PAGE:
Trendy mindfulness meditation practised by celebrities really does help ease chronic pain, according to a new study.
Mindfulness – or living in the moment – lessen the severity and impact on daily life of chronic pain as well as the accompanying distress.
Currently the most widely used psychological technique for treating chronic pain is cognitive behavioural therapy or CBT.
But not everyone living with chronic pain, which affects around one in five adults, finds CBT helpful.
Mindfulness is a type of meditation focusing on moment to moment awareness of thoughts, feelings, bodily sensations and the immediate environment.
The stress reduction element aims to help those affected develop ways of coping more effectively with their pain.
Corresponding author Dr Patricia Poulin, of the Ottawa Hospital Research Institute in Canada, said: “CBT focuses on increasing flexibility in thoughts and behaviours to respond more adaptively to challenges.
“In the context of chronic pain, CBT often includes psychoeducation about pain, cognitive restructuring of maladaptive pain-related beliefs, problem-solving, relaxation training, behavioural activation and pacing.
“Another promising intervention for chronic pain is mindfulness-based stress reduction (MBSR).
“MBSR is a group based intervention that focuses on building awareness
and acceptance of moment-to-moment experiences, including physical discomfort and difficult emotions.
“Core components of MBSR include increasing awareness of one’s body, emotions, sensations, thoughts as well as learning self-regulation strategies and more
adaptive responses to stress.”
“To conclude, while CBT is considered to be the preferred psychological intervention of chronic pain, not all patients with chronic pain experience a clinically significant treatment response.
“Although a number of recommendations have been proposed to improve CBT for patients with chronic pain, an additional solution may be to offer patients MBSR since it shows promise in improving pain severity and reducing pain interference and psychological distress.”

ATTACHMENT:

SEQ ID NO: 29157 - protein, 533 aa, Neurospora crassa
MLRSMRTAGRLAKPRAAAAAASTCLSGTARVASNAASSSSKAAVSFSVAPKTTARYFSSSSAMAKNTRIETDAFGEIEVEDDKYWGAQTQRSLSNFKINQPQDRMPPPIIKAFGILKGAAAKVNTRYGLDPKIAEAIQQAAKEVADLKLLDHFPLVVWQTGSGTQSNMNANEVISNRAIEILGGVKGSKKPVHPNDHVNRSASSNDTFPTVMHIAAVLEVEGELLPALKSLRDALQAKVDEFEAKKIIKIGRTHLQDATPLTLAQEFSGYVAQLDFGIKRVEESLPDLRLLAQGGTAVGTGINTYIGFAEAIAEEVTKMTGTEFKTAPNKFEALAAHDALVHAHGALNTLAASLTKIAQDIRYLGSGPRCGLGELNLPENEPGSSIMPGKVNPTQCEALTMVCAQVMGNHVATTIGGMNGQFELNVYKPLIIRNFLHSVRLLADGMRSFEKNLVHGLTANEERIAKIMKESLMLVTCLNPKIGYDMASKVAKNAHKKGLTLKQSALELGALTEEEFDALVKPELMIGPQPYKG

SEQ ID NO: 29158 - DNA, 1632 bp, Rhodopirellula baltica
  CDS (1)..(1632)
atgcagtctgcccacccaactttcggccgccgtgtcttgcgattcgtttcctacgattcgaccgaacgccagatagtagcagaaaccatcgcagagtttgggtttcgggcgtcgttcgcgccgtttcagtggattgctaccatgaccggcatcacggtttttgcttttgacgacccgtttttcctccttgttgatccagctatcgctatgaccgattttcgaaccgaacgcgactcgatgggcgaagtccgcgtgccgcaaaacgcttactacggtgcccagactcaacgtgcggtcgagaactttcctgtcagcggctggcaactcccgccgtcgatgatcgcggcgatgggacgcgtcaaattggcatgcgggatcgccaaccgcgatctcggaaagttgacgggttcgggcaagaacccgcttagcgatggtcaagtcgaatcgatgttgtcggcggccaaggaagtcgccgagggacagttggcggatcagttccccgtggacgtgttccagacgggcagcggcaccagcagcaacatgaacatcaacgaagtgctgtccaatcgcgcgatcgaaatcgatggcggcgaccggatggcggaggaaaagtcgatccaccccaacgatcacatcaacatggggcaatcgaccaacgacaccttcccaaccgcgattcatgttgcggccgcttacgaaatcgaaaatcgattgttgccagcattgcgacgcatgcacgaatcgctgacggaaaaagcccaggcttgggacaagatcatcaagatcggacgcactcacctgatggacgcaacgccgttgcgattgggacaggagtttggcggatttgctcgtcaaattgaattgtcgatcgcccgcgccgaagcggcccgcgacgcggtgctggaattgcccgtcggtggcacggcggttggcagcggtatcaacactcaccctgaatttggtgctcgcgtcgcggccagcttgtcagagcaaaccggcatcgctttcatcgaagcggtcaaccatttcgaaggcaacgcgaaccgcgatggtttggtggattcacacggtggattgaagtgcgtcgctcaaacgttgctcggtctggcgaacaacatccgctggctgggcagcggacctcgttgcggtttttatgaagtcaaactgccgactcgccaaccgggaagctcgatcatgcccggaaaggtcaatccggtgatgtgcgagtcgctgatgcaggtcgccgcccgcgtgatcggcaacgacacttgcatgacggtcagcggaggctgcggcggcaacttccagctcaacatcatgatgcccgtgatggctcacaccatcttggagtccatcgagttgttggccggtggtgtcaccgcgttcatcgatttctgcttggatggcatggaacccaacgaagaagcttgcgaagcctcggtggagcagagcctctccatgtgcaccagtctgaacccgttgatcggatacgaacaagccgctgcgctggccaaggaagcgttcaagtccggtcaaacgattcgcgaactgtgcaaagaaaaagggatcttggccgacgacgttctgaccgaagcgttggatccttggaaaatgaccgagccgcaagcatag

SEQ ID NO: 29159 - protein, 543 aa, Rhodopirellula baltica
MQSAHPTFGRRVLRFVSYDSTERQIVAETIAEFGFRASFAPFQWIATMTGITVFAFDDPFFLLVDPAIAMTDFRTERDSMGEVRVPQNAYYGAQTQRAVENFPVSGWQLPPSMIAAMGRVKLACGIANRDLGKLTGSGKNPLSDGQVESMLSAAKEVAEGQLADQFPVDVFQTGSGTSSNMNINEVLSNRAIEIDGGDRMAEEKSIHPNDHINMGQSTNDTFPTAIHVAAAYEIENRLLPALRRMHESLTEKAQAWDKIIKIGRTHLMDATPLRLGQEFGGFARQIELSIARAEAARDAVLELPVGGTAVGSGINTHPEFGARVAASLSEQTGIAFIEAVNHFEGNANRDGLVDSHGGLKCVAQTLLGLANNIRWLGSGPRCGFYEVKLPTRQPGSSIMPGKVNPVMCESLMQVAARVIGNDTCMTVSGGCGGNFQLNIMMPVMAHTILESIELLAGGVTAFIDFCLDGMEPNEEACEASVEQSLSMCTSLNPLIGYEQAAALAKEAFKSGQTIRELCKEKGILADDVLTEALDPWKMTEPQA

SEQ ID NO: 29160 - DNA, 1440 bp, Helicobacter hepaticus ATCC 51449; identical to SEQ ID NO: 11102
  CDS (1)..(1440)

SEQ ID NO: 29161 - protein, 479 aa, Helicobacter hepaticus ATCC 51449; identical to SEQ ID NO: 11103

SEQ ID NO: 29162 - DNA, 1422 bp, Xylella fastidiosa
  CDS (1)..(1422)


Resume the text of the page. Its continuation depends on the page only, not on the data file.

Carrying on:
The findings were based on a trawl of research databases for relevant clinical trials looking at the effectiveness of CBT or MBSR for the treatment of chronic pain-defined as lasting at least three months.
“Out of an initial 184 suitable clinical trials, 21, involving nearly 2,000 people, were selected, and the results data pooled.
Most of the study participants were women and aged between 35 and 65.
The conditions causing them pain were largely musculoskeletal.
In nearly four out of 10 studies, participants had endured their pain for more than a decade.
The review combined both direct and indirect evidence for the potential health impact of CBT compared with usual or no care; mindfulness compared with usual or no care; and mindfulness compared with CBT.
The analysis showed that there were no important differences between either of the two techniques.
Both significantly improved physical functioning and lessened pain severity and associated depression, compared with usual or no care.
The researchers sound a note of caution in respect of their findings as only one of the 21 trials directly compared CBT with mindfulness, and only 12 trials were deemed to be of reasonable or good quality.
While the analysis produced comparable results for both techniques, the statistical margin of error was wide, meaning that it is too early to tell which of CBT or mindfulness might be better for people with different types of pain and psychological symptoms, they point out.
Prof Poulin said: “This review suggests that MBSR offers another potentially helpful intervention for chronic pain management.
“Additional research using consistent measures is required to guide decisions about providing CBT or MBSR.”
The study was published in the BMJ’s Evidence Based Mental Health journal.